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ENTERTAINMENT
By Erik Maza and The Baltimore Sun | November 11, 2011
Hammerjacks, Baltimore's shrine to big hair, loud dresses and heavy metal, is plotting a comeback. An Anne Arundel County man has bought the trademark to sell Hammerjacks-related merchandise. And, he said he's negotiating with developers for a new branded club near the planned Baltimore slots casino off Russell Street. His plans are the second time a revival of the iconic megaclub has been attempted since it closed in 1997; a 2000 reincarnation failed to win over the original's legions of fans, which included, over the years, the likes of Bret Michaels and the classy lady pictured above.  Kevin Butler, a 47-year-old mortgage executive from Anne Arundel County, was a regular at the Howard Street location of Hammerjacks; the club originally opened in 1977 on South Charles Street, but it was the club under an Interstate 395 overpass that became iconic.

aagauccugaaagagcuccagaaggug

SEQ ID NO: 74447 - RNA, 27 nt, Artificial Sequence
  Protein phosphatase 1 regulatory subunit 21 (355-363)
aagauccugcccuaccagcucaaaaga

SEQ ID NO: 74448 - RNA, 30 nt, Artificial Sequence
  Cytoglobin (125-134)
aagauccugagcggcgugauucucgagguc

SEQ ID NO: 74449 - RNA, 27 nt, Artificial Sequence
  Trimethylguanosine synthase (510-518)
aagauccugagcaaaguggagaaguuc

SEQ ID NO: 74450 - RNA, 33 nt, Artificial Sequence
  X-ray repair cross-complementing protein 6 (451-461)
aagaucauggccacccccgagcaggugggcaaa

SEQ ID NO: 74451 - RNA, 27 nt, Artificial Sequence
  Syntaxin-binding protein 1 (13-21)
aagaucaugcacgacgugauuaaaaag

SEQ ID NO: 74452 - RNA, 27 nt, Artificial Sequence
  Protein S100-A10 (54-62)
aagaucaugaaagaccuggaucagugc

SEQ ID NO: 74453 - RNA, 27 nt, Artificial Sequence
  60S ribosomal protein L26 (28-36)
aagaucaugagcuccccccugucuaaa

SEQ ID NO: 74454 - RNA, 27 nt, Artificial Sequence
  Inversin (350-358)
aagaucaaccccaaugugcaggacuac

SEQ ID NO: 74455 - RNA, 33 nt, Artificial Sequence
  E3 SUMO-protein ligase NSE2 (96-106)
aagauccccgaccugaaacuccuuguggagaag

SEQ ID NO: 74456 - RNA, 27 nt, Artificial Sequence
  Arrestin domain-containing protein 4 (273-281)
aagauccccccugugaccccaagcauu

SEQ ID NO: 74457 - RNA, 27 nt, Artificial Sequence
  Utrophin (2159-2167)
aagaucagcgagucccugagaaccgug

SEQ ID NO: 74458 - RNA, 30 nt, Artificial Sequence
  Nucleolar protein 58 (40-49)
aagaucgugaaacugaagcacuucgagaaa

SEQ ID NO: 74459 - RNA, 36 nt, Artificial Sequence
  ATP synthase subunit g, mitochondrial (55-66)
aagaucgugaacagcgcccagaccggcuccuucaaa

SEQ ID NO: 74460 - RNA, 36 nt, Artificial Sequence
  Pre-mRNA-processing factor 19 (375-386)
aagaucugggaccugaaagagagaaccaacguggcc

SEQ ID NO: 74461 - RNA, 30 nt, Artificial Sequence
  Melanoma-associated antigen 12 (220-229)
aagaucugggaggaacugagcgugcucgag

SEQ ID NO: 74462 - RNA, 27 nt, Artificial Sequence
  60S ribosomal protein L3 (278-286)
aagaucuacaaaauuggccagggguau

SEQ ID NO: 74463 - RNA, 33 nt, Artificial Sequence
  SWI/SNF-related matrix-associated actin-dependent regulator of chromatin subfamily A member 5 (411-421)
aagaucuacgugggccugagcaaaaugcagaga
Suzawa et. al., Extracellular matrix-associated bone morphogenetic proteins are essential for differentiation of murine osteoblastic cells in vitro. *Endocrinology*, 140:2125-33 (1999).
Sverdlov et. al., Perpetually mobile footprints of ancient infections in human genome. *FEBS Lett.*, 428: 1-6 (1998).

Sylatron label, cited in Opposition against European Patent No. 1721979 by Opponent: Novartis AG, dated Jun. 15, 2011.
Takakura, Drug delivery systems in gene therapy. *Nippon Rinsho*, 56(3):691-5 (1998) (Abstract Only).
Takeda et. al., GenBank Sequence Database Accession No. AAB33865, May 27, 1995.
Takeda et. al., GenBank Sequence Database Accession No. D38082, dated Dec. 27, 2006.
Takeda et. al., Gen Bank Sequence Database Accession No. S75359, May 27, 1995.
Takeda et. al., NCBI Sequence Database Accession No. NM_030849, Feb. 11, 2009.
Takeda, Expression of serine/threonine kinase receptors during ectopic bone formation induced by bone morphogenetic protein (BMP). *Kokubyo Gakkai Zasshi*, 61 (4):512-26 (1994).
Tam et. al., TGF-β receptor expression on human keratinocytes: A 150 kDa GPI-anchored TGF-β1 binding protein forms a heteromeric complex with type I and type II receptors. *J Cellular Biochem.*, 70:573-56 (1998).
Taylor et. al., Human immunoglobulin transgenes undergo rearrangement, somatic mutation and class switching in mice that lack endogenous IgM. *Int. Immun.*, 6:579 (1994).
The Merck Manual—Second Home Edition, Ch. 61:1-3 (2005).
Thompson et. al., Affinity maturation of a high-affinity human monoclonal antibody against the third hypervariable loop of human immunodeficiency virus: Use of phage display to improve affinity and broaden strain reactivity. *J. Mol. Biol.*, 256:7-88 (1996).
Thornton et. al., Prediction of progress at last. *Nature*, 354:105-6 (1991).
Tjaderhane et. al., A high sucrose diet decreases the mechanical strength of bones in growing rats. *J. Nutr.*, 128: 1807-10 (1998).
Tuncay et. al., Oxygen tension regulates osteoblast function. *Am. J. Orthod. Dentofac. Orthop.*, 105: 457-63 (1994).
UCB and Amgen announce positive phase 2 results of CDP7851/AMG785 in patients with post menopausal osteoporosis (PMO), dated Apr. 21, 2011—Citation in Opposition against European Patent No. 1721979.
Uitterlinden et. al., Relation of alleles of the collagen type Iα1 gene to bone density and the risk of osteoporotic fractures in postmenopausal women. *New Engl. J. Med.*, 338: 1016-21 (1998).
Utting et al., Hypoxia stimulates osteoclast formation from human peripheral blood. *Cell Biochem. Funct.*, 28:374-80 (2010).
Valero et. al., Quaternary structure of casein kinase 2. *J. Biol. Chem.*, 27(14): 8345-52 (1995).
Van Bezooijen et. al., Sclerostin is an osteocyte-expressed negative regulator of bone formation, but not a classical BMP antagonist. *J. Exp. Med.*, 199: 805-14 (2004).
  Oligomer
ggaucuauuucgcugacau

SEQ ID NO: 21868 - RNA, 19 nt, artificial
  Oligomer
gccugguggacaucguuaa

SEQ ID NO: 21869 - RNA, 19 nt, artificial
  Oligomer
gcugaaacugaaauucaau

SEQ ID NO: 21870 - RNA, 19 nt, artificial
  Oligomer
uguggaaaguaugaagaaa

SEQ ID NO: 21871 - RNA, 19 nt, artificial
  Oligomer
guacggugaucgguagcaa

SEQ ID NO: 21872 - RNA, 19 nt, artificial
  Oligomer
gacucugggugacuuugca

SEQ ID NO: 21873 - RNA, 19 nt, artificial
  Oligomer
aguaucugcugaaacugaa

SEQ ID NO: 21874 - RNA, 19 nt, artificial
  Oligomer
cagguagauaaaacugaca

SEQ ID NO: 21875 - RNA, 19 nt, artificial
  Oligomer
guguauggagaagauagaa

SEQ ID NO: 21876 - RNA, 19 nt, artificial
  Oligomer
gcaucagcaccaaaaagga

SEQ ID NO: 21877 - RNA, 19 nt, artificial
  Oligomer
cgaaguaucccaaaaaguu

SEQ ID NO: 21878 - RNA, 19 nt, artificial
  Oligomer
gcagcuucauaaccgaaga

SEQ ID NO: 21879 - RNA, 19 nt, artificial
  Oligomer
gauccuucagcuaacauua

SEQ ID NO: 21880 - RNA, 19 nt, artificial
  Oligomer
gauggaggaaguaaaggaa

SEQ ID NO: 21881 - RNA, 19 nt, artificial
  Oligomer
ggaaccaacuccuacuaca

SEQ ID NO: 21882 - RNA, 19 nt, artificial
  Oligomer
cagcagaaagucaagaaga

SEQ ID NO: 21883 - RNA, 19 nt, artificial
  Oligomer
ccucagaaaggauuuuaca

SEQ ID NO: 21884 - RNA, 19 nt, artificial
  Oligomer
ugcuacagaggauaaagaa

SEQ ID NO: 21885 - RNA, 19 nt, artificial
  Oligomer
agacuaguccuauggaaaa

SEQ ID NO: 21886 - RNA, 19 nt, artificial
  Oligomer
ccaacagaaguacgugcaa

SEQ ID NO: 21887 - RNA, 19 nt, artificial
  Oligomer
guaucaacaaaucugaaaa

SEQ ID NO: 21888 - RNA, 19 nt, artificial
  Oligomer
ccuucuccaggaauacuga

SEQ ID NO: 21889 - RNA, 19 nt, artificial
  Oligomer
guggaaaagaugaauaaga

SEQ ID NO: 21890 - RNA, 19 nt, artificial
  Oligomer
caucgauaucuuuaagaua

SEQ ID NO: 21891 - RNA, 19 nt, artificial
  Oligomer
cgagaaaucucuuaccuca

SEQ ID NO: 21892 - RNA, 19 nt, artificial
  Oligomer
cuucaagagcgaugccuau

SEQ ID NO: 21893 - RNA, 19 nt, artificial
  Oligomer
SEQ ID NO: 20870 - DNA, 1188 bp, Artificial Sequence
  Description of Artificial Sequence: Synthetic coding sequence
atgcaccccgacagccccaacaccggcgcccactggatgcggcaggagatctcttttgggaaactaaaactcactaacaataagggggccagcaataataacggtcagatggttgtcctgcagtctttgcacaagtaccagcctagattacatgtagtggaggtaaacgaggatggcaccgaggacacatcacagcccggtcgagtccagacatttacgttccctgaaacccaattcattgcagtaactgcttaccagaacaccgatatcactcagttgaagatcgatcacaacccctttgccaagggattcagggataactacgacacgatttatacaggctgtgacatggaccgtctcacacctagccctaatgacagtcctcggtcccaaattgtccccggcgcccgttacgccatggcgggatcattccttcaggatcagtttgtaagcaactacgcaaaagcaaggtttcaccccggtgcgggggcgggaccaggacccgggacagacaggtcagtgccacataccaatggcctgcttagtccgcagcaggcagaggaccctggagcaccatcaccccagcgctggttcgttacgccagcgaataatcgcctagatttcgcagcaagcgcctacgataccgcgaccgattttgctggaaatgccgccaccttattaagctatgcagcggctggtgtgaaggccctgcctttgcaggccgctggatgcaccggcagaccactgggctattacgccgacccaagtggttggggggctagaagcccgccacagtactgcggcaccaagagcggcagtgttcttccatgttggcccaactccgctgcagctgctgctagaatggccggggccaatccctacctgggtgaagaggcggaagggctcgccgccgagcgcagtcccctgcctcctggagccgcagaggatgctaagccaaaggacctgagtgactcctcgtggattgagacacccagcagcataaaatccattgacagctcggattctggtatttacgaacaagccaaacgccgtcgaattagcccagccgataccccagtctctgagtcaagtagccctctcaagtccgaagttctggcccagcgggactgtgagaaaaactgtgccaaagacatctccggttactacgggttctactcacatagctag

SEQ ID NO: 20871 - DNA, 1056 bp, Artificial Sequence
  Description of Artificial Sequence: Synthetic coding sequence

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FEATURES
By J.D. Considine and J.D. Considine,SUN POP MUSIC CRITIC | June 2, 1998
When VH1 aired its big "Divas Live" special in April, some folks wondered how Gloria Estefan sneaked into the line-up. After all, when it comes to making a bravura display of vocal virtuosity, Estefan is not on the same level as fellow VH1 divas Aretha Franklin, Celine Dion, or Mariah Carey.But if Estefan isn't quite a diva in the pop or operatic sense, she surely qualifies as a disco diva. She made her name belting out dance tunes with the Miami Sound Machine, and still owes a sizable portion of her audience to such oldies as "Conga" and "Rhythm Is Gonna Get You."
ENTERTAINMENT
By Rashod D. Ollison and Rashod D. Ollison,Sun Pop Music Critic | January 1, 2004